KT restores most services after fire, but issues linger
Landline and mobile calls, internet service, credit card processing and IPTV could be affected. This comes after a weekend of low-grade chaos in certain areas, with some people scurrying around to find pay phones, while others were unable to buy medicine or get on public transportation.
KT Chairman Hwang Chang-gyu, who visited the damaged site, said the company will offer compensation to the individual subscribers and small business owners who have faced disruption. He also promised to make efforts to ensure the future stability of the network.
“KT will actively cooperate with the fire department in determining the cause of the fire,” explained Hwang. “By analyzing the results, we will come up with plans including safety inspections of all of our communication facilities nationwide so that this will not happen again.”
According to KT, 63 percent of the mobile network - or 1,780 mobile stations - and 97 percent of the internet lines, all of which affects 215,000 subscribers, were restored as of 6 p.m. on Sunday. It added that it will work diligently to minimize future inconveniences.
The fire, which was reported to have started in the basement cable tunnel, was extinguished around 9:30 p.m. Saturday, 10 hours after it initially broke out. Property damage is estimated at around 8 billion won ($7 million). As the source of the blaze is located deep within the basement, it is expected to take more than a week before the system is fully operational.
The fire, which broke out at 11 a.m. on Saturday, directly affected the Seodaemun, Jung, Mapo and Yongsan districts. It also partially affected the neighboring Eunpyeong District, with outages extending as far as Goyang, Gyeonggi.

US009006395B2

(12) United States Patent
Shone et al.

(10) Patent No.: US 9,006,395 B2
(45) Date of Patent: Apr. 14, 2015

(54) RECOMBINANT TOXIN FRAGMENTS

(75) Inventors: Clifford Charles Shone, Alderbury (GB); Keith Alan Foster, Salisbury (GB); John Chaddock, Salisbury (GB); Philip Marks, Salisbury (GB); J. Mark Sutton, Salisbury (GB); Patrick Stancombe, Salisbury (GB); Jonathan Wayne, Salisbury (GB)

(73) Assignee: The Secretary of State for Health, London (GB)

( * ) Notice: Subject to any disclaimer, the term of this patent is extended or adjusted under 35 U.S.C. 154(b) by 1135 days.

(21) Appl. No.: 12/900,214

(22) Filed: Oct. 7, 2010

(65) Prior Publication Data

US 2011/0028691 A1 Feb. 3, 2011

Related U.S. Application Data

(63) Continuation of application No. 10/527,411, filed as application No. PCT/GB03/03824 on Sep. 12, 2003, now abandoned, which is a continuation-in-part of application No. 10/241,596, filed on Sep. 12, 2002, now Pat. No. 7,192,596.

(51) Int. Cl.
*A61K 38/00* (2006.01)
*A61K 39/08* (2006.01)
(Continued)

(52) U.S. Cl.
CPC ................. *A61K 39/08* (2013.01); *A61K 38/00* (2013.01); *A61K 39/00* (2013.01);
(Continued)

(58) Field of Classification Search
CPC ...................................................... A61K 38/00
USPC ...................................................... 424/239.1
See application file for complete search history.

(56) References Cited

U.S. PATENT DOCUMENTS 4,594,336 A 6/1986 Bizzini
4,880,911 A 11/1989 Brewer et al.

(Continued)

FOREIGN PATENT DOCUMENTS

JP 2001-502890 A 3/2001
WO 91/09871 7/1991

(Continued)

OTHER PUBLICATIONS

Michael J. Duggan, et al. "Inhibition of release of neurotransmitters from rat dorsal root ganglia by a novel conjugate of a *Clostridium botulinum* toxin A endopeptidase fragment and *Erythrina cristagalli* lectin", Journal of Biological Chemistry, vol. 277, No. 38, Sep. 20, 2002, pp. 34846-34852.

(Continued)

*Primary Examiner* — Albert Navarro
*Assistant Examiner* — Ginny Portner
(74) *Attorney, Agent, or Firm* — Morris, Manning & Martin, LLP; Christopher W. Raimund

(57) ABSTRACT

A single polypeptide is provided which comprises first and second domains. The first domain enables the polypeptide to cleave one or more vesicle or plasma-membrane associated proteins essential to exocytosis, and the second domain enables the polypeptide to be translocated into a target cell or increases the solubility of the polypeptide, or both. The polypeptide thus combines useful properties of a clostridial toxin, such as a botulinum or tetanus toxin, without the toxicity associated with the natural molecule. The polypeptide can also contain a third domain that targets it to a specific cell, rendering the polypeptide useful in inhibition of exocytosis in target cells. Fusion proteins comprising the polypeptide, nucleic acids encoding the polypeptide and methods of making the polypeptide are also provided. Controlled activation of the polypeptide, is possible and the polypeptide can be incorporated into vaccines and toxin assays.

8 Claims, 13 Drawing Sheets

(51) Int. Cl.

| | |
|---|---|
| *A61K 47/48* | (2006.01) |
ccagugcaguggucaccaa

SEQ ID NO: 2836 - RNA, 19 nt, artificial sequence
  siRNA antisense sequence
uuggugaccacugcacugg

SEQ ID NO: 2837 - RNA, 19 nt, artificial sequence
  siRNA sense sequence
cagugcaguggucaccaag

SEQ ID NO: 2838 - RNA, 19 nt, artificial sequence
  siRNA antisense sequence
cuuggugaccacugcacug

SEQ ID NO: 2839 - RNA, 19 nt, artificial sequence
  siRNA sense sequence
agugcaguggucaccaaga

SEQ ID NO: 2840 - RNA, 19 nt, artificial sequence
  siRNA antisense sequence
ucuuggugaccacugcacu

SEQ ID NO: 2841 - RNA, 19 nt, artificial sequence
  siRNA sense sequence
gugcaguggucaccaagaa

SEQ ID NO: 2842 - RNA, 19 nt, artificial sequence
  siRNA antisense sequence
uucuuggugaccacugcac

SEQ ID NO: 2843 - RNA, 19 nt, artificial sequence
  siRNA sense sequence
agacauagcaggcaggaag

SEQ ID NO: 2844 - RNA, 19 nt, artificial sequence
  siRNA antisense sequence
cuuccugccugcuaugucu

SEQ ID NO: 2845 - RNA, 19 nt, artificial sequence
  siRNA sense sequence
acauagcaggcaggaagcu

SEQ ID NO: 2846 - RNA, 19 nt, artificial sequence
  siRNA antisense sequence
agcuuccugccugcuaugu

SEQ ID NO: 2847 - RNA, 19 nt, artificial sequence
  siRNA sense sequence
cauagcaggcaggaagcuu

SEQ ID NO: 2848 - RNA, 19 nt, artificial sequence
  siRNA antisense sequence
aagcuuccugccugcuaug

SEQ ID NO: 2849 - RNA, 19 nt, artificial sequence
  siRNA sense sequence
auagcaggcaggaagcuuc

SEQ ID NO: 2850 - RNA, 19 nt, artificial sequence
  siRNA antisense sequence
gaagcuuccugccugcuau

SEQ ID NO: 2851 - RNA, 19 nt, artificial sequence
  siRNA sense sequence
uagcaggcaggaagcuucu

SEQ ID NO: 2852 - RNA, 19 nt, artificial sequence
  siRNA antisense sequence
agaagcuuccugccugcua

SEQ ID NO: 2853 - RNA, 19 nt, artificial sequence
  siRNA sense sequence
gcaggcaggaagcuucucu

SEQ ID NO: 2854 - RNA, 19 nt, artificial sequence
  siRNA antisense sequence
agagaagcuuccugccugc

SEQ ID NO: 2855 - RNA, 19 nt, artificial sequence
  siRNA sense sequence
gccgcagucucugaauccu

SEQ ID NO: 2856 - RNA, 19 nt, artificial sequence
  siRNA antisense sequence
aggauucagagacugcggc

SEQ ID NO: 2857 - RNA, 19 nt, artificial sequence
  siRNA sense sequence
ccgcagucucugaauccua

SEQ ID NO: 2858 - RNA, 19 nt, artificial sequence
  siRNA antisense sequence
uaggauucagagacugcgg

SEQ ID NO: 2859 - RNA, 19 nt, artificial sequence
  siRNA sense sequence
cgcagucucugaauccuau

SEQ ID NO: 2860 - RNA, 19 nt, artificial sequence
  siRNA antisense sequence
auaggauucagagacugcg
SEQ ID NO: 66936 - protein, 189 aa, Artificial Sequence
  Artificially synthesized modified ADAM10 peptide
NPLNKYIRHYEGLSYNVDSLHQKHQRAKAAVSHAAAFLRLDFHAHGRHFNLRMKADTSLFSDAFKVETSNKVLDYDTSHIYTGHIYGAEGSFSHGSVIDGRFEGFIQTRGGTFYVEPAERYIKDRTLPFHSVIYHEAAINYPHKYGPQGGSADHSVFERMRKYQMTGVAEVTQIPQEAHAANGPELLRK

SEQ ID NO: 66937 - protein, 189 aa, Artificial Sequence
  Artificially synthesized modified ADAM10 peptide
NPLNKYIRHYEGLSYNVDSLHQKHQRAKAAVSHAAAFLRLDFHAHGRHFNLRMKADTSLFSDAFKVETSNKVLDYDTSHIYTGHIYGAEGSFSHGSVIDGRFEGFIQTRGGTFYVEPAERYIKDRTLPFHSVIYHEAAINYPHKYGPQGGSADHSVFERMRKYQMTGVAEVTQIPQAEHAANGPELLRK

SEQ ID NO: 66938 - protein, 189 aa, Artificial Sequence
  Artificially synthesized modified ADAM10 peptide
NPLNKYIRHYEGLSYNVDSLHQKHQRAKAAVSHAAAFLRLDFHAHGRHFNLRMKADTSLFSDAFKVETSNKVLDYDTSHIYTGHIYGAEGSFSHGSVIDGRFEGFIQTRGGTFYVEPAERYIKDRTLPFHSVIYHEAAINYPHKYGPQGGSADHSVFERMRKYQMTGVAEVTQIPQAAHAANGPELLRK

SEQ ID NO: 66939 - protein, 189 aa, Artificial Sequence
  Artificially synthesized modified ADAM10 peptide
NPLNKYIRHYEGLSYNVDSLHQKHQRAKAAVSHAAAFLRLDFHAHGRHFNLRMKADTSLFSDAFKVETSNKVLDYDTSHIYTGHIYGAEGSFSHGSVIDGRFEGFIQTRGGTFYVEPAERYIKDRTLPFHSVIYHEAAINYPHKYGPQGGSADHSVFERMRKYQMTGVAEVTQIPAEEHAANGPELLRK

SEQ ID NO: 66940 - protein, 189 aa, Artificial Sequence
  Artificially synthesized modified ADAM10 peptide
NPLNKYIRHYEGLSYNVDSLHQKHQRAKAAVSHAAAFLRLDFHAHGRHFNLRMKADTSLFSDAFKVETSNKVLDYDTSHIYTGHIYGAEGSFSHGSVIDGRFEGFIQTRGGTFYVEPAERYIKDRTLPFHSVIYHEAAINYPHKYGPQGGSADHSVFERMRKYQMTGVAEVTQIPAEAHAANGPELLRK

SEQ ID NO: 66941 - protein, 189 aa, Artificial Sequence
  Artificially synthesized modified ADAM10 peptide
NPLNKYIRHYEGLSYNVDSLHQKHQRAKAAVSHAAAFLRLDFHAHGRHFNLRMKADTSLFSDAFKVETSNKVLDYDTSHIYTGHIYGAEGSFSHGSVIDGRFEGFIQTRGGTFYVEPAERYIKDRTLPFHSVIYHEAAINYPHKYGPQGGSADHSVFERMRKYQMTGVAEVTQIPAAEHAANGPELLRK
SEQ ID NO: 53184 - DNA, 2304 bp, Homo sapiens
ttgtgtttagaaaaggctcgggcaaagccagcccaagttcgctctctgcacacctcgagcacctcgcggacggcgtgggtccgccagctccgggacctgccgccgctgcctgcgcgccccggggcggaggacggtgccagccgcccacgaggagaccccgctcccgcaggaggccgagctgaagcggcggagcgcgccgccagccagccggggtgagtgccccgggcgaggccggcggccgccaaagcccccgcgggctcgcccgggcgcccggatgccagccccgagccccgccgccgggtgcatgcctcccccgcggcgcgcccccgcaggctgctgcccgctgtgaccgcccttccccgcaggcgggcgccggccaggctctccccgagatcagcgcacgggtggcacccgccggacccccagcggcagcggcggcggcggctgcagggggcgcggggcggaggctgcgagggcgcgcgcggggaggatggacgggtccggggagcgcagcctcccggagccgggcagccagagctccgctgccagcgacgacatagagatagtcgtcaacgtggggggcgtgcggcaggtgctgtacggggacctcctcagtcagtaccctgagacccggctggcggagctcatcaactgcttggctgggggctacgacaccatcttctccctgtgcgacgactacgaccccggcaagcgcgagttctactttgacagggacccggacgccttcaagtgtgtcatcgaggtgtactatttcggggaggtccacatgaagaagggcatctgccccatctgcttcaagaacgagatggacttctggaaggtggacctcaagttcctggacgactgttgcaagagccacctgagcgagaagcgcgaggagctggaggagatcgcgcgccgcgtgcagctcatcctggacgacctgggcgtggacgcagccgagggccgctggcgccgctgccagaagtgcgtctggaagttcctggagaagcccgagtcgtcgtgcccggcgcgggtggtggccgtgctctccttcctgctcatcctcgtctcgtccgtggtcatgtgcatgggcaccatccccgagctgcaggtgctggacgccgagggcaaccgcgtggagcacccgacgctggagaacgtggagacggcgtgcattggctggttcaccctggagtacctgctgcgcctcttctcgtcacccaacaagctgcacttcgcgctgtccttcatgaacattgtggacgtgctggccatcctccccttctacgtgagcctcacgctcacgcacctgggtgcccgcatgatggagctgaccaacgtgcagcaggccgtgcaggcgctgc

Due to the fire, high-speed internet, internet TV and phone services were lost. People living in the four districts in Seoul weren’t able to make calls, card processing machines went dead and many had trouble getting on public transportation that use near field communication (NFC) systems.
“I was late to a meeting with a friend and tried to make a call,” said a 26-year-old at Chungjeongno Station. “I was looking for the public phone booth, but didn’t know where it was.”
Convenience stores and a cafe near the KT branch office posted signs on Saturday saying that they were only accepting cash.
“I don’t carry cash as I use the Kakao Pay” mobile payment app, said Kim Yu-jin, 30. “I can’t even get on a bus or a subway because my transportation card runs on NFC.”
Some drivers struggled because their internet-connected navigation systems failed.
“I was passing through Hapjeong on my way to a wedding in Gwanghwamun, but my navigation system went down,” said Sung Ki-dong, 33. “And I couldn’t call people to ask for directions, so I had to use the old way of following the street signs.”
Patients weren’t able to get prescription medications as the internet at some drug stores went down. Meanwhile, restaurant owners were having trouble securing the necessary ingredients as they weren’t able to place calls.
People delivering food for services that rely on KT internet were forced to take a day off as their food-delivery apps had gone out.
Minister of Science and ICT You Young-min visited the KT branch on Sunday and asked if KT would be able to restore credit card services for small businesses by the end of Sunday.
The three telecommunication companies - SK Telecom, KT and LG U+ - “need to swiftly change their contract clauses on compensation issues and also need to come up with plans that would reroute traffic if such accidents, which shouldn’t happen again, happen,” said You.
Traffic should automatically reroute when outages occur, but due to the Ahyeon building’s location and its role within the network, necessary traffic shifting did not occur, KT said.
BY LEE HO-JEONG, KIM JEE-HEE AND JO SO-HEE [firstname.lastname@example.org]
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